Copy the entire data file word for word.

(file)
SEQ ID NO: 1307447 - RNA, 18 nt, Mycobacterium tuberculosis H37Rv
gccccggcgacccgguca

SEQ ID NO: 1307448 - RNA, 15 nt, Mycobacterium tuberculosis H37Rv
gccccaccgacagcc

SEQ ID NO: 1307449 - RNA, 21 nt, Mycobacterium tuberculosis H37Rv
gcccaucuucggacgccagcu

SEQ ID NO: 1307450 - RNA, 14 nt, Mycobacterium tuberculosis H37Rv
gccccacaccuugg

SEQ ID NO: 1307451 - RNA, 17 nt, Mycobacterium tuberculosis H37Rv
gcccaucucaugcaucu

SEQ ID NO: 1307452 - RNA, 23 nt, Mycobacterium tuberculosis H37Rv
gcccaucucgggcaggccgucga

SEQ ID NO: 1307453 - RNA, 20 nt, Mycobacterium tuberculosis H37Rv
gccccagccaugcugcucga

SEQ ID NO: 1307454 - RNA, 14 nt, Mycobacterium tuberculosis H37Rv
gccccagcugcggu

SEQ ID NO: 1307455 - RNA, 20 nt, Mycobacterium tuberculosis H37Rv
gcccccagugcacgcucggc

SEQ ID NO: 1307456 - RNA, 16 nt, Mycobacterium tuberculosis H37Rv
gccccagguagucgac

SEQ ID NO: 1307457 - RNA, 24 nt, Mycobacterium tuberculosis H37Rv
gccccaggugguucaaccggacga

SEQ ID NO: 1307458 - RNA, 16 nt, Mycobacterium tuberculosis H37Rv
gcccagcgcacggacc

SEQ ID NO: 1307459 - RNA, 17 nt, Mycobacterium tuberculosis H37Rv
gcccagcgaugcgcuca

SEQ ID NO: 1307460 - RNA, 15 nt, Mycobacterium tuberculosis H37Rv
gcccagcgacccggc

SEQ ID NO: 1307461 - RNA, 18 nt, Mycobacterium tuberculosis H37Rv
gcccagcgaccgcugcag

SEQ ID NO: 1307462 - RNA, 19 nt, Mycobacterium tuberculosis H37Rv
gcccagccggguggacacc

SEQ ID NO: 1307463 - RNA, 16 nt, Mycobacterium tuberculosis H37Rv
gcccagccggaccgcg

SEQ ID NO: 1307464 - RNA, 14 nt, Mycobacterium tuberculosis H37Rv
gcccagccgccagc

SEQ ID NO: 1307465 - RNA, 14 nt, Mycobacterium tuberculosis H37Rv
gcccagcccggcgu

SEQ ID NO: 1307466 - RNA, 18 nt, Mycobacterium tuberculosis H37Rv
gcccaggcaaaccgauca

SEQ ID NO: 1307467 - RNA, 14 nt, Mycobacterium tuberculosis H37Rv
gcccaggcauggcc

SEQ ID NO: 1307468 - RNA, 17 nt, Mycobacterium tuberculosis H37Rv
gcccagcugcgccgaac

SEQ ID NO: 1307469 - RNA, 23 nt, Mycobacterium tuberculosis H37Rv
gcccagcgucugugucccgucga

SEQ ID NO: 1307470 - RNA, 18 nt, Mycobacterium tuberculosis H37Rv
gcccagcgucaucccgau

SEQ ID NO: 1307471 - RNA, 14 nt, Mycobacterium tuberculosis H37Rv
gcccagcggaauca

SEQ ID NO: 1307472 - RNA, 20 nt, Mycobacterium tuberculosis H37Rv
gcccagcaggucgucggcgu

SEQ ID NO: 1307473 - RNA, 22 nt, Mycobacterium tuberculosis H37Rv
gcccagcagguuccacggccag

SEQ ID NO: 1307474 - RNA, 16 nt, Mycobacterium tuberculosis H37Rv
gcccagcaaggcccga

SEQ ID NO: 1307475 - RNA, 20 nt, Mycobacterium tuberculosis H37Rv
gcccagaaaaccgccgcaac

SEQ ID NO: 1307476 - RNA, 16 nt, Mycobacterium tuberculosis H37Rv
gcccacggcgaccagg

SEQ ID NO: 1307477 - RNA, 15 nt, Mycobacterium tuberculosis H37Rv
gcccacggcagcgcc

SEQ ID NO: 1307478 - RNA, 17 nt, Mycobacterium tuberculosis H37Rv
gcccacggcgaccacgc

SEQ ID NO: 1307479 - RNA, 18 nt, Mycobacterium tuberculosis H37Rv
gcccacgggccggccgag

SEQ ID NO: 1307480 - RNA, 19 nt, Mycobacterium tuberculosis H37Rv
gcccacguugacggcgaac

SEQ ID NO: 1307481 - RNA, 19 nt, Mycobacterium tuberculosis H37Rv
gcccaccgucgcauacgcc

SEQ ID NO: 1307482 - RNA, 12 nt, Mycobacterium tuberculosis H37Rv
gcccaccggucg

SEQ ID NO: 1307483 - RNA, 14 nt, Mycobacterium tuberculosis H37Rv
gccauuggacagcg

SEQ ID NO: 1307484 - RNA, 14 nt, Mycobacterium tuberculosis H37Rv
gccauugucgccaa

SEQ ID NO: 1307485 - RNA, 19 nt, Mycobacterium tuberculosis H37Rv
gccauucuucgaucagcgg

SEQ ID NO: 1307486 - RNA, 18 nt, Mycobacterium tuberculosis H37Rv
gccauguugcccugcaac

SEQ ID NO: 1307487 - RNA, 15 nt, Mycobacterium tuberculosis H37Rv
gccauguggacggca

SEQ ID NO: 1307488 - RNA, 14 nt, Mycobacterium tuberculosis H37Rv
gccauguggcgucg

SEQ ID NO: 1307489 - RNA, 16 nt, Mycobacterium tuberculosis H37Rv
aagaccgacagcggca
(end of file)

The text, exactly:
SEQ ID NO: 1307447 - RNA, 18 nt, Mycobacterium tuberculosis H37Rv
gccccggcgacccgguca

SEQ ID NO: 1307448 - RNA, 15 nt, Mycobacterium tuberculosis H37Rv
gccccaccgacagcc

SEQ ID NO: 1307449 - RNA, 21 nt, Mycobacterium tuberculosis H37Rv
gcccaucuucggacgccagcu

SEQ ID NO: 1307450 - RNA, 14 nt, Mycobacterium tuberculosis H37Rv
gccccacaccuugg

SEQ ID NO: 1307451 - RNA, 17 nt, Mycobacterium tuberculosis H37Rv
gcccaucucaugcaucu

SEQ ID NO: 1307452 - RNA, 23 nt, Mycobacterium tuberculosis H37Rv
gcccaucucgggcaggccgucga

SEQ ID NO: 1307453 - RNA, 20 nt, Mycobacterium tuberculosis H37Rv
gccccagccaugcugcucga

SEQ ID NO: 1307454 - RNA, 14 nt, Mycobacterium tuberculosis H37Rv
gccccagcugcggu

SEQ ID NO: 1307455 - RNA, 20 nt, Mycobacterium tuberculosis H37Rv
gcccccagugcacgcucggc

SEQ ID NO: 1307456 - RNA, 16 nt, Mycobacterium tuberculosis H37Rv
gccccagguagucgac

SEQ ID NO: 1307457 - RNA, 24 nt, Mycobacterium tuberculosis H37Rv
gccccaggugguucaaccggacga

SEQ ID NO: 1307458 - RNA, 16 nt, Mycobacterium tuberculosis H37Rv
gcccagcgcacggacc

SEQ ID NO: 1307459 - RNA, 17 nt, Mycobacterium tuberculosis H37Rv
gcccagcgaugcgcuca

SEQ ID NO: 1307460 - RNA, 15 nt, Mycobacterium tuberculosis H37Rv
gcccagcgacccggc

SEQ ID NO: 1307461 - RNA, 18 nt, Mycobacterium tuberculosis H37Rv
gcccagcgaccgcugcag

SEQ ID NO: 1307462 - RNA, 19 nt, Mycobacterium tuberculosis H37Rv
gcccagccggguggacacc

SEQ ID NO: 1307463 - RNA, 16 nt, Mycobacterium tuberculosis H37Rv
gcccagccggaccgcg

SEQ ID NO: 1307464 - RNA, 14 nt, Mycobacterium tuberculosis H37Rv
gcccagccgccagc

SEQ ID NO: 1307465 - RNA, 14 nt, Mycobacterium tuberculosis H37Rv
gcccagcccggcgu

SEQ ID NO: 1307466 - RNA, 18 nt, Mycobacterium tuberculosis H37Rv
gcccaggcaaaccgauca

SEQ ID NO: 1307467 - RNA, 14 nt, Mycobacterium tuberculosis H37Rv
gcccaggcauggcc

SEQ ID NO: 1307468 - RNA, 17 nt, Mycobacterium tuberculosis H37Rv
gcccagcugcgccgaac

SEQ ID NO: 1307469 - RNA, 23 nt, Mycobacterium tuberculosis H37Rv
gcccagcgucugugucccgucga

SEQ ID NO: 1307470 - RNA, 18 nt, Mycobacterium tuberculosis H37Rv
gcccagcgucaucccgau

SEQ ID NO: 1307471 - RNA, 14 nt, Mycobacterium tuberculosis H37Rv
gcccagcggaauca

SEQ ID NO: 1307472 - RNA, 20 nt, Mycobacterium tuberculosis H37Rv
gcccagcaggucgucggcgu

SEQ ID NO: 1307473 - RNA, 22 nt, Mycobacterium tuberculosis H37Rv
gcccagcagguuccacggccag

SEQ ID NO: 1307474 - RNA, 16 nt, Mycobacterium tuberculosis H37Rv
gcccagcaaggcccga

SEQ ID NO: 1307475 - RNA, 20 nt, Mycobacterium tuberculosis H37Rv
gcccagaaaaccgccgcaac

SEQ ID NO: 1307476 - RNA, 16 nt, Mycobacterium tuberculosis H37Rv
gcccacggcgaccagg

SEQ ID NO: 1307477 - RNA, 15 nt, Mycobacterium tuberculosis H37Rv
gcccacggcagcgcc

SEQ ID NO: 1307478 - RNA, 17 nt, Mycobacterium tuberculosis H37Rv
gcccacggcgaccacgc

SEQ ID NO: 1307479 - RNA, 18 nt, Mycobacterium tuberculosis H37Rv
gcccacgggccggccgag

SEQ ID NO: 1307480 - RNA, 19 nt, Mycobacterium tuberculosis H37Rv
gcccacguugacggcgaac

SEQ ID NO: 1307481 - RNA, 19 nt, Mycobacterium tuberculosis H37Rv
gcccaccgucgcauacgcc

SEQ ID NO: 1307482 - RNA, 12 nt, Mycobacterium tuberculosis H37Rv
gcccaccggucg

SEQ ID NO: 1307483 - RNA, 14 nt, Mycobacterium tuberculosis H37Rv
gccauuggacagcg

SEQ ID NO: 1307484 - RNA, 14 nt, Mycobacterium tuberculosis H37Rv
gccauugucgccaa

SEQ ID NO: 1307485 - RNA, 19 nt, Mycobacterium tuberculosis H37Rv
gccauucuucgaucagcgg

SEQ ID NO: 1307486 - RNA, 18 nt, Mycobacterium tuberculosis H37Rv
gccauguugcccugcaac

SEQ ID NO: 1307487 - RNA, 15 nt, Mycobacterium tuberculosis H37Rv
gccauguggacggca

SEQ ID NO: 1307488 - RNA, 14 nt, Mycobacterium tuberculosis H37Rv
gccauguggcgucg

SEQ ID NO: 1307489 - RNA, 16 nt, Mycobacterium tuberculosis H37Rv
aagaccgacagcggca